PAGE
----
Paying for toll access.

In response to the persuasive argument that online and peer reviewed journal audiences have significantly less than 100% overlap, I’m going to start trying to re-publish some of my Open Access writing. I’m considering submitting the draft below as a letter to the editor of Haematologica, in response to this editorial; comments, corrections and suggestions for where to send it are welcome.
In particular, I’d like input on the following: the draft letter is basically an abbreviated version of this post — should I, instead, work the full post (including this revision of Phil Davis’ Cornell study) up into a paper/essay/article and submit that somewhere?
If so, should I include only the self-reported figures for average TA journal author-side costs (see below), or should I pick a number of prominent journals and estimate their average author-side costs as I did in this post?
If the latter, obviously the methodology for the blog post is inadequate for a formal publication — so how would one go about getting a reliable estimate — that is, how many issues would one need to sample? And which journals should I include?
(I’m inclined to think I should just send the letter, because to do the paper properly would be a lot of work. The Davis update should be more than just plugging in new assumptions, it should really be repeated with the latest ARL numbers and new searches in Web of Science and/or Scopus. On top of that, estimating average page number and number of color figures for a single journal, let alone a selection, is an enormous task. So, frankly, it probably won’t get done — although I’m up for a collaboration if anyone out there is interested.)
Finally, one for the statisticians out there: if I do include the update to the Davis study, how would one go about a formal analysis of what is shown in Figure 3 of this post? The question is this: to what extent is high ranking on the list of predicted expenses in an all-OA world predictive of high ranking on lists of serials expenditure, enrolment or articles published? And is such an analysis (some kind of rank correlation, right?) really any better than the simple eyeball explanation I used in the linked post?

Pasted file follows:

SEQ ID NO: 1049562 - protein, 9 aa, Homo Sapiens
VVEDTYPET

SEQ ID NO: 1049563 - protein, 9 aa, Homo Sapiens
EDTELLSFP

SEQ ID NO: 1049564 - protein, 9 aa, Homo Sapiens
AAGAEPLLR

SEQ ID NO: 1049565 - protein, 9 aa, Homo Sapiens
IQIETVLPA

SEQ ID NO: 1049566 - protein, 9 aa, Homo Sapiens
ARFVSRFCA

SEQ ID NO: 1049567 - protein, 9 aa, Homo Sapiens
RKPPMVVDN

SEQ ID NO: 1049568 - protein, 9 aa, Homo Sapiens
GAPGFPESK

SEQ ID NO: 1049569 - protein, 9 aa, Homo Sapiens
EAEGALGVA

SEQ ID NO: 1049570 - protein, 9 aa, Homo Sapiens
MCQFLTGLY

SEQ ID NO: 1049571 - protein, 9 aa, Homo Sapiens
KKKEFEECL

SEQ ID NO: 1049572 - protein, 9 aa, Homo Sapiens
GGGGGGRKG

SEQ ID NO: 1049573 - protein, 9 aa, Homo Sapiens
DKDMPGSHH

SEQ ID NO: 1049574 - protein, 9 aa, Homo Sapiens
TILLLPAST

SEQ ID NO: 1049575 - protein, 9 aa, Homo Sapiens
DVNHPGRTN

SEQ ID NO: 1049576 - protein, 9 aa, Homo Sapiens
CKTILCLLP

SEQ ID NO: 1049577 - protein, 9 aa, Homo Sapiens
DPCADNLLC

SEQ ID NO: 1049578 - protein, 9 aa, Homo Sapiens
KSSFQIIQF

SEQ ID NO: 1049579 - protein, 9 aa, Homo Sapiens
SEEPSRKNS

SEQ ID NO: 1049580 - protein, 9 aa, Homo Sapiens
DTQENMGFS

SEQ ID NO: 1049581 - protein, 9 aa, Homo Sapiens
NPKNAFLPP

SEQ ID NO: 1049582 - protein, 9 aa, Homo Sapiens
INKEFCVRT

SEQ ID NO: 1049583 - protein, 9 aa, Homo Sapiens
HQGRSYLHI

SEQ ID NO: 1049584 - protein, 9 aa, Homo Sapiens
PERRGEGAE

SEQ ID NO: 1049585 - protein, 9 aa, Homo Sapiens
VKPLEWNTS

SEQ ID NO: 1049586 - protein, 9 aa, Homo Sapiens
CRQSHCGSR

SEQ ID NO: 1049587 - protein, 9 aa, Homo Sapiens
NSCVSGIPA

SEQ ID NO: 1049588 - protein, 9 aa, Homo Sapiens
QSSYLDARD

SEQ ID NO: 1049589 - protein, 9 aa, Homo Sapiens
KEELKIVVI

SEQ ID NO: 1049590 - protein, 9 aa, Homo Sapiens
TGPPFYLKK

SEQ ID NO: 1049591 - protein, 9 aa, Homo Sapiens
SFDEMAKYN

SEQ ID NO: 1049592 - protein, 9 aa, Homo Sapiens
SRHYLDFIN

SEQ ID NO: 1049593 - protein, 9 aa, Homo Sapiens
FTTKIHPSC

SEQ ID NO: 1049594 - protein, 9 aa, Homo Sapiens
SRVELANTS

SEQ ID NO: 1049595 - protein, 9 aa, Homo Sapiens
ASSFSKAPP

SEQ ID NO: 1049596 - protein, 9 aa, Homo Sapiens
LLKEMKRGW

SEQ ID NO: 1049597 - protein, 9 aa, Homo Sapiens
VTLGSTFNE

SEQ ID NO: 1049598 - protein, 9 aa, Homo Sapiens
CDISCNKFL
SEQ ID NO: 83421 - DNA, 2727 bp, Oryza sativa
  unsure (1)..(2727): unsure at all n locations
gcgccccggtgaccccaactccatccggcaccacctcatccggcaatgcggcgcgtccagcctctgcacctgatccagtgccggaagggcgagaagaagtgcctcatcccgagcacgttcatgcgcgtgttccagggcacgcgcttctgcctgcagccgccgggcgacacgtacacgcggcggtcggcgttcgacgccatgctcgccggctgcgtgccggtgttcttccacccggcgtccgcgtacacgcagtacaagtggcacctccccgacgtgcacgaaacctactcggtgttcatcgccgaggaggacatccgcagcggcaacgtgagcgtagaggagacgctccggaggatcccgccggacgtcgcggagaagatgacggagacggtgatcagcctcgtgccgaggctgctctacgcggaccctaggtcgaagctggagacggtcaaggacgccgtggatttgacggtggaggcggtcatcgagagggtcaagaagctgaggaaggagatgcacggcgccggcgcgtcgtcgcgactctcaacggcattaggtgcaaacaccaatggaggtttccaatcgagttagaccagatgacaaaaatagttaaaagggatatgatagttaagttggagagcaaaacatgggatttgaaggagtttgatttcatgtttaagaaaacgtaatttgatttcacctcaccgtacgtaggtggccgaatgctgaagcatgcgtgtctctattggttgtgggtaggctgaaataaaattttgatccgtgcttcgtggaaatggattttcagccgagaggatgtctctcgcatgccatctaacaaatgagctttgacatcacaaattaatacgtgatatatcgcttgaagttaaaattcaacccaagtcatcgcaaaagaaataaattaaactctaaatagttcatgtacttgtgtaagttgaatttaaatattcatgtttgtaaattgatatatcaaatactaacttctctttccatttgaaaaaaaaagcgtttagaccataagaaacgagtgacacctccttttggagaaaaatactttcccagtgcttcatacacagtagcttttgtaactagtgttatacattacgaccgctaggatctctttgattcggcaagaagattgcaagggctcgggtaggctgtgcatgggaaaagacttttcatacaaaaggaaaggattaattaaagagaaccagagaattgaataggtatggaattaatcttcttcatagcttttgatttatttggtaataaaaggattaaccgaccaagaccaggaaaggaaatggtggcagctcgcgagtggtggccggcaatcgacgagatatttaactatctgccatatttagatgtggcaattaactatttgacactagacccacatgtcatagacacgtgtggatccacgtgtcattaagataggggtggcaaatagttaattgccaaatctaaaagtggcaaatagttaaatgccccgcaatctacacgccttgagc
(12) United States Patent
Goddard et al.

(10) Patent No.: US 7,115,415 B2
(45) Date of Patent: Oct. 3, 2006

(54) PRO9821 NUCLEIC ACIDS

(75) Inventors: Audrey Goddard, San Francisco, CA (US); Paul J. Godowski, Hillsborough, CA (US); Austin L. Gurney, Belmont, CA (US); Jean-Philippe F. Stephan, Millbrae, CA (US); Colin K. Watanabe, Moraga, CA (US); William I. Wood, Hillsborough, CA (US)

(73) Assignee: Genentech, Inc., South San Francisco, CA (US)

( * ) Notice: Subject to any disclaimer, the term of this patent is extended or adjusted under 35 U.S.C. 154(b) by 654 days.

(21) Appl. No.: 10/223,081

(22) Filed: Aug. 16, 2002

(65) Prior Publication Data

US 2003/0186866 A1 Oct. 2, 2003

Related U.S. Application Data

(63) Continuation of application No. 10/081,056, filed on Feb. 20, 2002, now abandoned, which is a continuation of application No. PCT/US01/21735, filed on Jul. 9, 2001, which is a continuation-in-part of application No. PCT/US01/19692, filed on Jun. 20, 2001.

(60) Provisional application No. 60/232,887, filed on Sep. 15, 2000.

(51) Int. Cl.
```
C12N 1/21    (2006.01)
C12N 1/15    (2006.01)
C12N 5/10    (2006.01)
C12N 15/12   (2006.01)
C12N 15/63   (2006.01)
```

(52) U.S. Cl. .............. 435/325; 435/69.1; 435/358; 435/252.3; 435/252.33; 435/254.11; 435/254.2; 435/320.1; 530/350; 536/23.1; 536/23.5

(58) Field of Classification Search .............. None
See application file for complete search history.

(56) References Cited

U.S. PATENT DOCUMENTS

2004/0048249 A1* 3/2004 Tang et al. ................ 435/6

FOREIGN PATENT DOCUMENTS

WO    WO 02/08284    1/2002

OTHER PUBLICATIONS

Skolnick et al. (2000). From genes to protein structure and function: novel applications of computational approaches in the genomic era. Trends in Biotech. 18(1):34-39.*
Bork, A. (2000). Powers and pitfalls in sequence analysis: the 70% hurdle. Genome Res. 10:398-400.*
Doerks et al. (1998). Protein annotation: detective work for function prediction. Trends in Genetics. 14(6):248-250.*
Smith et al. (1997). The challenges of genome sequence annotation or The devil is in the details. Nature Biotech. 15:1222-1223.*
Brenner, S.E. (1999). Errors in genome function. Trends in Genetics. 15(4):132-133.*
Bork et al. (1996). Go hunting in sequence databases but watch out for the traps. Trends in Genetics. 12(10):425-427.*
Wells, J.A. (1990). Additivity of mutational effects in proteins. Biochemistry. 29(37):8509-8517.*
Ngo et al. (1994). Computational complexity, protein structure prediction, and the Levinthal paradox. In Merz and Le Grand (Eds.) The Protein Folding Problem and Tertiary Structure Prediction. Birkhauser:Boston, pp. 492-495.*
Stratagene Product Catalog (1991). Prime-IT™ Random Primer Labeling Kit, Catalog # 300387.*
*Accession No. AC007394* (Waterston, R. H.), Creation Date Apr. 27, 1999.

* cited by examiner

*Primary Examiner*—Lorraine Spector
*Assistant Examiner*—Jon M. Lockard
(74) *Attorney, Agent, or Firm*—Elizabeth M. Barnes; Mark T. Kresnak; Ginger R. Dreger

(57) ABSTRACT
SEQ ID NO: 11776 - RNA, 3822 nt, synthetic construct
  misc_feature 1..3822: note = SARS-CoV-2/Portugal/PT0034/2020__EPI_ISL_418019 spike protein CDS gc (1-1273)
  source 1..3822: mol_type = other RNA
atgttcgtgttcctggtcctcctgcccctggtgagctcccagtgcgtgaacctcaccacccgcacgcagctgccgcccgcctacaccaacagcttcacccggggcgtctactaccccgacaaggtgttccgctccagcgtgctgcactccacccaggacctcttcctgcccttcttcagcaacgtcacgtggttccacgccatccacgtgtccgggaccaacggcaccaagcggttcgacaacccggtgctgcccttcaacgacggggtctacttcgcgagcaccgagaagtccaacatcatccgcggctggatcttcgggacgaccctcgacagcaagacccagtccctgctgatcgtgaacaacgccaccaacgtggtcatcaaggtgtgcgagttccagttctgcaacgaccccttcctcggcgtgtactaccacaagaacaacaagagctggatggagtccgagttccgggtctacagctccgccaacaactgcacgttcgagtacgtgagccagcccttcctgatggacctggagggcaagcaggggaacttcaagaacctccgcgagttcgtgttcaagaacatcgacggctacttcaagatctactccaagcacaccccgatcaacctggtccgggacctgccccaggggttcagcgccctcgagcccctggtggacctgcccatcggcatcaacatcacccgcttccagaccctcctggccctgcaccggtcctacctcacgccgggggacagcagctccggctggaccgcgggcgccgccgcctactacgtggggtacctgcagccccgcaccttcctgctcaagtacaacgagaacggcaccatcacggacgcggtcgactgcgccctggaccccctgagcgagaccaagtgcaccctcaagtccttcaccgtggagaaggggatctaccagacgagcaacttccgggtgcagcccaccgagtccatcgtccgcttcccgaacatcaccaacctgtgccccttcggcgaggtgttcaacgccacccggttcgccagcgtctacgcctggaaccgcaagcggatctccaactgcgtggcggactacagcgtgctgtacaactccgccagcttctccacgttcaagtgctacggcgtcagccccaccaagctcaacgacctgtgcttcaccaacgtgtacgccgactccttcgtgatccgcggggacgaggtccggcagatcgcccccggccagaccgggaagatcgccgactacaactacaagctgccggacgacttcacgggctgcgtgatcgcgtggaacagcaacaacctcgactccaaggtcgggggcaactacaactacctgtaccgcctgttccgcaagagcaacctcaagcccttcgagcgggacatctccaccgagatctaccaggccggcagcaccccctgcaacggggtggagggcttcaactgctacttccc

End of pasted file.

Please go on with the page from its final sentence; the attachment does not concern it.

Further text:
—-draft letter—–
Dear Sir/Madam:
last month’s issue of Haematologica featured an editorial entitled “Paying for open access” [1]. I write to point out that subscription-model (“toll access”, TA) journals also impose author-side fees such as page and color figure charges. In fact, in a 2005 survey, a greater proportion of TA journals than of Open Access (OA) journals charged such fees [2]. Recent financial and publishing estimates have made it possible to compare fees across the two models, as follows.
The NIH estimates that it spends $80 to $100 million/year [3] on the publication costs of some 80,000 papers [4], and approximately 5% of research publications worldwide are available through Gold OA with no embargo period [5]. On the overly conservative [6] assumption that the average author-side fee for Gold OA is triple the average author-side fee levied by toll access journals, the average publication charge paid by the NIH to toll access journals is between $909 and $1136 per paper.
Further, OA advocate Peter Suber has pointed out (pers. comm.) that this number is certainly an underestimate since some fraction of those 80,000 articles did not use NIH funds, either because they were published in no-fee journals or because the authors found other ways to pay. Bearing this in mind, the NIH estimate is consistent with the handful of self-reported figures I have been able to find:

journal …………………………… avg. author-side fee
Molecular Biology of the Cell ………………. $1829 [7]
American Physiological Society (14 journals) …. $1000 [8]
Molecular Biology and Evolution …………….. $922  [9]
Molecular Plant-Microbe Interactions ………… $1275 [10]

For comparison, the same issue last two issues of Haematologica in which the aforementioned editorial appeared also included 33 original research articles. On the basis of current page and color figure charges (and including submission fees), I calculate that the authors of these papers paid an average of around €600 560 ($840 790) per paper. Though the sample is hardly representative, it seems likely that the average cost of a Haematologica paper is in this ballpark. Such a figure is consistent with fees charged by other Gold OA publishers [6].
Authors considering the affordability of OA fees should bear in mind that they may well pay as much or more in page and color charges at a toll access journal, and should also ask what it is that they are paying for. Readers of toll access journals must bear a further cost, either directly or through subscriptions, whereas OA articles are immediately and permanently free for anyone to read.